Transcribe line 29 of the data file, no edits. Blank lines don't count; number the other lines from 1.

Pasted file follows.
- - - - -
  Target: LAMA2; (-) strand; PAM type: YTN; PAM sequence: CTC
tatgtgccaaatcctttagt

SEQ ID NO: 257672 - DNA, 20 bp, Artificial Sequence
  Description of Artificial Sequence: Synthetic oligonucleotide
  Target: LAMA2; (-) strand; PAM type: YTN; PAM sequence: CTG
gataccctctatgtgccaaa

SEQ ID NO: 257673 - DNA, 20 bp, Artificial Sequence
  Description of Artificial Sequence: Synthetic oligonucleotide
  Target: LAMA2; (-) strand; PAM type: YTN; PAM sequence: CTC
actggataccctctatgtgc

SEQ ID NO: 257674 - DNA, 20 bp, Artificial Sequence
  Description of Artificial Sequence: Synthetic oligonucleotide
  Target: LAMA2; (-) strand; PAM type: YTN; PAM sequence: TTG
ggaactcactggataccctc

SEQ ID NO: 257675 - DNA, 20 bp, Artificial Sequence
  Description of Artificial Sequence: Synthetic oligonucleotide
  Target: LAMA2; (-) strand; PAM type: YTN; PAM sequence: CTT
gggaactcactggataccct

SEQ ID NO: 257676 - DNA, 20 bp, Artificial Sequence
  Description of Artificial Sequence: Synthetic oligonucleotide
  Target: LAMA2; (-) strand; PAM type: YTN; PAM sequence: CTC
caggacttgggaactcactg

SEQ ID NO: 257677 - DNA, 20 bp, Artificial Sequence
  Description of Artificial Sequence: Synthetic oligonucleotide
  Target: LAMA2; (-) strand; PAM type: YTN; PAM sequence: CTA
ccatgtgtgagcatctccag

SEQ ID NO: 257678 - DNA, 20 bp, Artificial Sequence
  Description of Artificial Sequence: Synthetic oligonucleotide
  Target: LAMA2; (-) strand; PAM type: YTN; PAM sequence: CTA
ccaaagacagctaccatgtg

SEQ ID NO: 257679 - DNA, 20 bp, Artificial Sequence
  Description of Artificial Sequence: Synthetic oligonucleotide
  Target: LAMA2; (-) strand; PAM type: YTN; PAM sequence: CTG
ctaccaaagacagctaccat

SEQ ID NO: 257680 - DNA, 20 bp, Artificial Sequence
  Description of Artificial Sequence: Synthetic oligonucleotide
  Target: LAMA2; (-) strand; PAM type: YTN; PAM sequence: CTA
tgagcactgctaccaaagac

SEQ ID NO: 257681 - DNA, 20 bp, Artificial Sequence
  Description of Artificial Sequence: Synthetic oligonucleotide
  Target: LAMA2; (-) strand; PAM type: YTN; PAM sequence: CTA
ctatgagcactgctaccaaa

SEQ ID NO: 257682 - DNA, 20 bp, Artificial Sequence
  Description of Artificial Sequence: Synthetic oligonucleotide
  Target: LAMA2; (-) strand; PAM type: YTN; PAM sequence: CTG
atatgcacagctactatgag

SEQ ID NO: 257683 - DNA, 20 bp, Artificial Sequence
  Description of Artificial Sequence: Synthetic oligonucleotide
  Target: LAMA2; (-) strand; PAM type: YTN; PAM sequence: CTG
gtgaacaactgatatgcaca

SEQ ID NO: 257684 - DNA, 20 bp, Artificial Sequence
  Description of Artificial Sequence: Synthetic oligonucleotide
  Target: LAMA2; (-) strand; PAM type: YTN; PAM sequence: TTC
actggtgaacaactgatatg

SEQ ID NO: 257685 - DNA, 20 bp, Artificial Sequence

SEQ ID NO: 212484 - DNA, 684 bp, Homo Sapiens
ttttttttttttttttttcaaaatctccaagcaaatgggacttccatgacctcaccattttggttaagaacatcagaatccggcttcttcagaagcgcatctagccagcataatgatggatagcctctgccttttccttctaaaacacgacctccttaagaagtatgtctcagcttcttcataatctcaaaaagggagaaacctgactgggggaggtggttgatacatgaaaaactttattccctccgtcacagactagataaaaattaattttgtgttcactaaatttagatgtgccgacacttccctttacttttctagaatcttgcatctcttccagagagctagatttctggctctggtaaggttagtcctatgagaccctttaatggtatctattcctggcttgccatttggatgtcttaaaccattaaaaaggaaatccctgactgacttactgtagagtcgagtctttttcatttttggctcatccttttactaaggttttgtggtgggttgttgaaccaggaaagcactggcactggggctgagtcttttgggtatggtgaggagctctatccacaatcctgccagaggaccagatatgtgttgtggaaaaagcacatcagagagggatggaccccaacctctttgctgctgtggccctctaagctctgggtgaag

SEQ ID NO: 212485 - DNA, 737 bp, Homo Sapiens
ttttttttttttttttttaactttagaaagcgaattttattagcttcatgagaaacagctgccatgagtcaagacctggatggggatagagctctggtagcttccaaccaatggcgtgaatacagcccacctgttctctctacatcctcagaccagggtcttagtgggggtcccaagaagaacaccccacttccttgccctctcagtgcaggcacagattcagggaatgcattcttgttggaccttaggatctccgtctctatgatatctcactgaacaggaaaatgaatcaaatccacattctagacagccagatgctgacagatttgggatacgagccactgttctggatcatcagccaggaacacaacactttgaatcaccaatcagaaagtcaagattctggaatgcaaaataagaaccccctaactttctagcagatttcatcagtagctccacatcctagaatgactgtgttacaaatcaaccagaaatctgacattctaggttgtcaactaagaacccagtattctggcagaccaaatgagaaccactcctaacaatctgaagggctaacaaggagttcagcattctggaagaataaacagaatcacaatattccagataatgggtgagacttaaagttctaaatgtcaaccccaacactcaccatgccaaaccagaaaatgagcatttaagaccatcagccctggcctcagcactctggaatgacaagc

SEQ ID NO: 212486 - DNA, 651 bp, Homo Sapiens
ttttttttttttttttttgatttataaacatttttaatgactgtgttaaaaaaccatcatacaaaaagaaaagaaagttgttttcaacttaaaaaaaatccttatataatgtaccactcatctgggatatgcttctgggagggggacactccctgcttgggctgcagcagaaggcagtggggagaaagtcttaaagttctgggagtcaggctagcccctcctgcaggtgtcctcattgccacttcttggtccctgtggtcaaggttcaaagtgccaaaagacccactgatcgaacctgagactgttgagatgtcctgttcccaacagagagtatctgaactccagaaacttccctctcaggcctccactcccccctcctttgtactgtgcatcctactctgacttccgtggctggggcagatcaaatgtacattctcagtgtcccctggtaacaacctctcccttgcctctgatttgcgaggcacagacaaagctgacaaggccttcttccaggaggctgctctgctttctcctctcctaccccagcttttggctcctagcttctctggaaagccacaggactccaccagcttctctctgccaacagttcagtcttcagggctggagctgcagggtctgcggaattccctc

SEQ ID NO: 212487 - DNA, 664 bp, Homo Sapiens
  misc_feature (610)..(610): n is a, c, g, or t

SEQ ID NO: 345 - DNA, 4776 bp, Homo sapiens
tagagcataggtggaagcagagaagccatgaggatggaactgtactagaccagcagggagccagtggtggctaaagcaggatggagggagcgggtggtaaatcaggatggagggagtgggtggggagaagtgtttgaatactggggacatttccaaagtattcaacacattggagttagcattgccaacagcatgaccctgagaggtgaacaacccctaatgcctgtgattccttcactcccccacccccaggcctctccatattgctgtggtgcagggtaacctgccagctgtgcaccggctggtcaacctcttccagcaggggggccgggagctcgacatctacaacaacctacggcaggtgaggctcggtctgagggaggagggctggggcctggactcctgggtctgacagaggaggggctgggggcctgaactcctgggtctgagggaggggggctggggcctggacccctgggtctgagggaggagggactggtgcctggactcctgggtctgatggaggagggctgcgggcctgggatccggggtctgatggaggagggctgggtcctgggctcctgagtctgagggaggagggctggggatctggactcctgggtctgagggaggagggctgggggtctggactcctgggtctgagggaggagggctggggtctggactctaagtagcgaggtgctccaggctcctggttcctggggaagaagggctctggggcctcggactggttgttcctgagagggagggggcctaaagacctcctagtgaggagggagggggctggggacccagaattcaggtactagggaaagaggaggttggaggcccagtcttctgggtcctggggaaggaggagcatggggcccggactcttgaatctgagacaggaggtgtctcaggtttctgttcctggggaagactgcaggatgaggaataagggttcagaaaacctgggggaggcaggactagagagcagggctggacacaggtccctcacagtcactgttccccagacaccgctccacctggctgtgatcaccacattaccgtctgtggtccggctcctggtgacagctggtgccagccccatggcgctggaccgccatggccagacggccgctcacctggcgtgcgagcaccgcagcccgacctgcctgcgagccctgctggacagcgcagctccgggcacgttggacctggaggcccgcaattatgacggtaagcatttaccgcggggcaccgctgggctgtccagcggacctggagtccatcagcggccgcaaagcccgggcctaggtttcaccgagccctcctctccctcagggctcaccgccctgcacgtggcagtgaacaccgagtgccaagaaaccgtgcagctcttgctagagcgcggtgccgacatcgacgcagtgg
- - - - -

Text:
  Target: LAMA2; (-) strand; PAM type: YTN; PAM sequence: CTA